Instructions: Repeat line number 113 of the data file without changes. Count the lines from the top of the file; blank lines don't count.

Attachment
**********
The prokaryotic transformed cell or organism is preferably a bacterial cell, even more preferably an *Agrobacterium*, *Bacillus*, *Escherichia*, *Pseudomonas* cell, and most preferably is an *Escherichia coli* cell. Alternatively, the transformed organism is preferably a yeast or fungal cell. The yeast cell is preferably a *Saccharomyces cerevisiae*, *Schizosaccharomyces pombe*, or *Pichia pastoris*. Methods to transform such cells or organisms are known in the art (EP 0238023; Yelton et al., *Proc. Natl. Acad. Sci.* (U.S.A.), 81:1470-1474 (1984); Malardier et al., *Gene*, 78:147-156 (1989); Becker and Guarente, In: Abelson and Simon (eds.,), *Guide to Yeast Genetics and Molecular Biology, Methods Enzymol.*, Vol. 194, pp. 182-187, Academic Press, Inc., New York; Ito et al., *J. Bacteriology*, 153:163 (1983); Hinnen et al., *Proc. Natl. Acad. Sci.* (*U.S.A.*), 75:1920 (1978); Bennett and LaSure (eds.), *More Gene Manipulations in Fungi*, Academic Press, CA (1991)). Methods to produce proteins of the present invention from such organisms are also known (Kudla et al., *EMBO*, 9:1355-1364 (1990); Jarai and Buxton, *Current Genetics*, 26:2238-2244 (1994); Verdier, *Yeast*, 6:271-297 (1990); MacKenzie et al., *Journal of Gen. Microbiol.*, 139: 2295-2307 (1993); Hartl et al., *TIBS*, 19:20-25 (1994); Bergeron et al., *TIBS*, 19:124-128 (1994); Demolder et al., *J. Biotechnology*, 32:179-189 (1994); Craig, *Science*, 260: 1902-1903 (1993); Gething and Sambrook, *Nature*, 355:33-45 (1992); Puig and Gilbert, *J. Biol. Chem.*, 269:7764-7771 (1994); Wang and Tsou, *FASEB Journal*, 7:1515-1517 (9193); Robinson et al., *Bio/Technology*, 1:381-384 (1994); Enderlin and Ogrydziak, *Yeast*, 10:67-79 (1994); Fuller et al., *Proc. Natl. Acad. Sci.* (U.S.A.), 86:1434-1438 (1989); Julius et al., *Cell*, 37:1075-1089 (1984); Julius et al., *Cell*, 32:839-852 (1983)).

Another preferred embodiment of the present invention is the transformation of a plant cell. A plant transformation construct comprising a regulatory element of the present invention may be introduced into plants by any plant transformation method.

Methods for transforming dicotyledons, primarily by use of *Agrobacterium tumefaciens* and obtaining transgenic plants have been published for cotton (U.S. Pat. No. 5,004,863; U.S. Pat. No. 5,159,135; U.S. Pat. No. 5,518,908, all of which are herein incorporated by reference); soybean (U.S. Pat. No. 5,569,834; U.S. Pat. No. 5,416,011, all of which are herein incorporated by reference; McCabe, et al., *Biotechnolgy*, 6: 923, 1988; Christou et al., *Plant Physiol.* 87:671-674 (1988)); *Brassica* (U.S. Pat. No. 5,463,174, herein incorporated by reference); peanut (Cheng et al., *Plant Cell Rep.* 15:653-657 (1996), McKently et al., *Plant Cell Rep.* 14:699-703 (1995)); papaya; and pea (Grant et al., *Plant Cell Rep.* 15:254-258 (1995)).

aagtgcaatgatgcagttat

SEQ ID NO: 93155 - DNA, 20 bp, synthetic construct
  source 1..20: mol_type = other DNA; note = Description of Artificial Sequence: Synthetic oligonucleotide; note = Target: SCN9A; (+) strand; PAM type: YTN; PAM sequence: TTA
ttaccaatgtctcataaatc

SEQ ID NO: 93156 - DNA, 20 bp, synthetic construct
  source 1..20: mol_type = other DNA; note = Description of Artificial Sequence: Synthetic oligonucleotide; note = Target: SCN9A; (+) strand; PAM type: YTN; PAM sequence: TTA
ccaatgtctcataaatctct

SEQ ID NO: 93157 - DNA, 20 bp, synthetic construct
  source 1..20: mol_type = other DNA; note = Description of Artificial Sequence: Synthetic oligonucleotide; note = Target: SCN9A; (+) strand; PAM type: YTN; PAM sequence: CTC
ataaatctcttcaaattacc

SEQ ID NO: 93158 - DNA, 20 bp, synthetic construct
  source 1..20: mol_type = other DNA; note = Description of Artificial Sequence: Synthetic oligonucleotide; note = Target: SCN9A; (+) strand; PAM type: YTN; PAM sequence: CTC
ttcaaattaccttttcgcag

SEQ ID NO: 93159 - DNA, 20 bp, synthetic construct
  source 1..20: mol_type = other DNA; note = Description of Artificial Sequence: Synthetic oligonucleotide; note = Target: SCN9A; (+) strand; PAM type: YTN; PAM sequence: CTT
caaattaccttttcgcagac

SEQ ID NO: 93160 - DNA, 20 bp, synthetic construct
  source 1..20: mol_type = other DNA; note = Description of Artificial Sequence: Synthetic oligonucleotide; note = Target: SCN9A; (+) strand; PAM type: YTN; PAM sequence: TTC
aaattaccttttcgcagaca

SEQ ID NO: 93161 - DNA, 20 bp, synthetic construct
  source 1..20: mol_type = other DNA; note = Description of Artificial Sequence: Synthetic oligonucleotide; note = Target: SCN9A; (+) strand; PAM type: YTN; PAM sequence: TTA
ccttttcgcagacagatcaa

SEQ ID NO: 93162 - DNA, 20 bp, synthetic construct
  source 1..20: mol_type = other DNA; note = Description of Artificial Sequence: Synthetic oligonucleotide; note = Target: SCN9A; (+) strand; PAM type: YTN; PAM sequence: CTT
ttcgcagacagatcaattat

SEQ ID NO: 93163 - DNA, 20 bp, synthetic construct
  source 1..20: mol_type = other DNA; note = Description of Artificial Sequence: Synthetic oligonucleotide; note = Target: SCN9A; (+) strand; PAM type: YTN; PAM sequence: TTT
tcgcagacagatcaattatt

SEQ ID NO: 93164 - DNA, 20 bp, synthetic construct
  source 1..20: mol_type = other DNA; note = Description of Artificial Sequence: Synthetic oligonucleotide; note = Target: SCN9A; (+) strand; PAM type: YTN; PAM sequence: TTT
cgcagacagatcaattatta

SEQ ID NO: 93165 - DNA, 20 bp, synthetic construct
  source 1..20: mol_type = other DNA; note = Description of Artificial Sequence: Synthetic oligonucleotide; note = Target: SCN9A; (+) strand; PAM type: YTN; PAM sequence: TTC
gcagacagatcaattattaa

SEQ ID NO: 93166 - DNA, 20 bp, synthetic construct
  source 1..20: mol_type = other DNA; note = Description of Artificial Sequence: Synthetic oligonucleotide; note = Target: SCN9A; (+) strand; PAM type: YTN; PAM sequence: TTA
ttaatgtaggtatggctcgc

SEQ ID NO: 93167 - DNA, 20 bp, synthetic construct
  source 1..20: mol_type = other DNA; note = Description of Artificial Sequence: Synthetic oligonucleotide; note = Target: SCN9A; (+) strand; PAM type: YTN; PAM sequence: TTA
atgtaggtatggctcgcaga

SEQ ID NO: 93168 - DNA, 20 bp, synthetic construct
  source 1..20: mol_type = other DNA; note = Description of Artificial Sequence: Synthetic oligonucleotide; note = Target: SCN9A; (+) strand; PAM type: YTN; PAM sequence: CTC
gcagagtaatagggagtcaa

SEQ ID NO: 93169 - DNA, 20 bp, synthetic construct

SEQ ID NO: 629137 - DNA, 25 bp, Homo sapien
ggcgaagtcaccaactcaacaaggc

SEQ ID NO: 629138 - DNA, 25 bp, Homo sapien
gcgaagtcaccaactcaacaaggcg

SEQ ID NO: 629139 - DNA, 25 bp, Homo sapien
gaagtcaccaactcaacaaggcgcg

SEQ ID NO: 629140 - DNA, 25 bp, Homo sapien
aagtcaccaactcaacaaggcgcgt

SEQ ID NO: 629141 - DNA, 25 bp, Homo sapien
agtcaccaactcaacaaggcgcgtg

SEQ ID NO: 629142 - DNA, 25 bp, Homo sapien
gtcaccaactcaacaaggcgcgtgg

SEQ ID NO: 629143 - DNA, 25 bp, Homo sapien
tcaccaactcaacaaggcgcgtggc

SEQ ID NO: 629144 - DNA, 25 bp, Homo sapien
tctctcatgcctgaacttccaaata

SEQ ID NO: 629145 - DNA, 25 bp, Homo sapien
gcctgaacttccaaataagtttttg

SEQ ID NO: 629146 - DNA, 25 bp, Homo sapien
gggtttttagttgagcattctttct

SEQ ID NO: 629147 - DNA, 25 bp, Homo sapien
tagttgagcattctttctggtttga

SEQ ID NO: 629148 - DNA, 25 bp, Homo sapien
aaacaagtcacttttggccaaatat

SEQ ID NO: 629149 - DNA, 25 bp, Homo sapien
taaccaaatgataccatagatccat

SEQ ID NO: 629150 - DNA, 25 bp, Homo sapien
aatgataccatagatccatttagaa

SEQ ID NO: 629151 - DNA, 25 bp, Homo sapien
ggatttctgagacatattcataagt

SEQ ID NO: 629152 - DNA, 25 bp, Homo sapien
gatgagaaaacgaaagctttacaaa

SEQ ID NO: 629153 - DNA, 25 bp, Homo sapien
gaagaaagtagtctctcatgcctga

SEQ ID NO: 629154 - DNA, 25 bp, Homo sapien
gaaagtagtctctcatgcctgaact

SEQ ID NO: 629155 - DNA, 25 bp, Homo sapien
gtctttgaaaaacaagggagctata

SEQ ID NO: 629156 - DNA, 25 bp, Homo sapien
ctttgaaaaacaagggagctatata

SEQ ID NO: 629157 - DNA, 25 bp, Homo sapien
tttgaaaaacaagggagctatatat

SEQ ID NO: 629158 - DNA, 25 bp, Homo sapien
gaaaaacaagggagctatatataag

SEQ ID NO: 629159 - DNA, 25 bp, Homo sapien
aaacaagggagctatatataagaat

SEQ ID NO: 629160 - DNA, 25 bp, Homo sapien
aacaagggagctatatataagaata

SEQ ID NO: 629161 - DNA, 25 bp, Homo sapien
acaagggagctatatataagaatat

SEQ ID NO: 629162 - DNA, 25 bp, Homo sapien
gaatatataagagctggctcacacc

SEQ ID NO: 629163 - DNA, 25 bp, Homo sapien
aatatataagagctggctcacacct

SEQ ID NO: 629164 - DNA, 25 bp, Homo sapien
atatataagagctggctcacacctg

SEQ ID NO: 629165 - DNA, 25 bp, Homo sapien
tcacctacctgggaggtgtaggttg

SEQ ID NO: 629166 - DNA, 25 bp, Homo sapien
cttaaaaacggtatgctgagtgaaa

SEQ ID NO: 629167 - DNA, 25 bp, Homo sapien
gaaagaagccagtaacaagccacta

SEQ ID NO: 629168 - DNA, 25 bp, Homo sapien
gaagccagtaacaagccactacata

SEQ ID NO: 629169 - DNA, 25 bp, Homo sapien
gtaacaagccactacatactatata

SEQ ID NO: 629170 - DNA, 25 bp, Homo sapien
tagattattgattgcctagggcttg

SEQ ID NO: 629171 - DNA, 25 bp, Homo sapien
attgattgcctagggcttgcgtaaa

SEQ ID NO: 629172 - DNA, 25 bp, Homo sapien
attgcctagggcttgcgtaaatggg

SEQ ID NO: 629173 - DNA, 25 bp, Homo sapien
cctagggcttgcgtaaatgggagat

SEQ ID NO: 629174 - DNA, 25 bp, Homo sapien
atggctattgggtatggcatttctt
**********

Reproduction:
gtaacaagccactacatactatata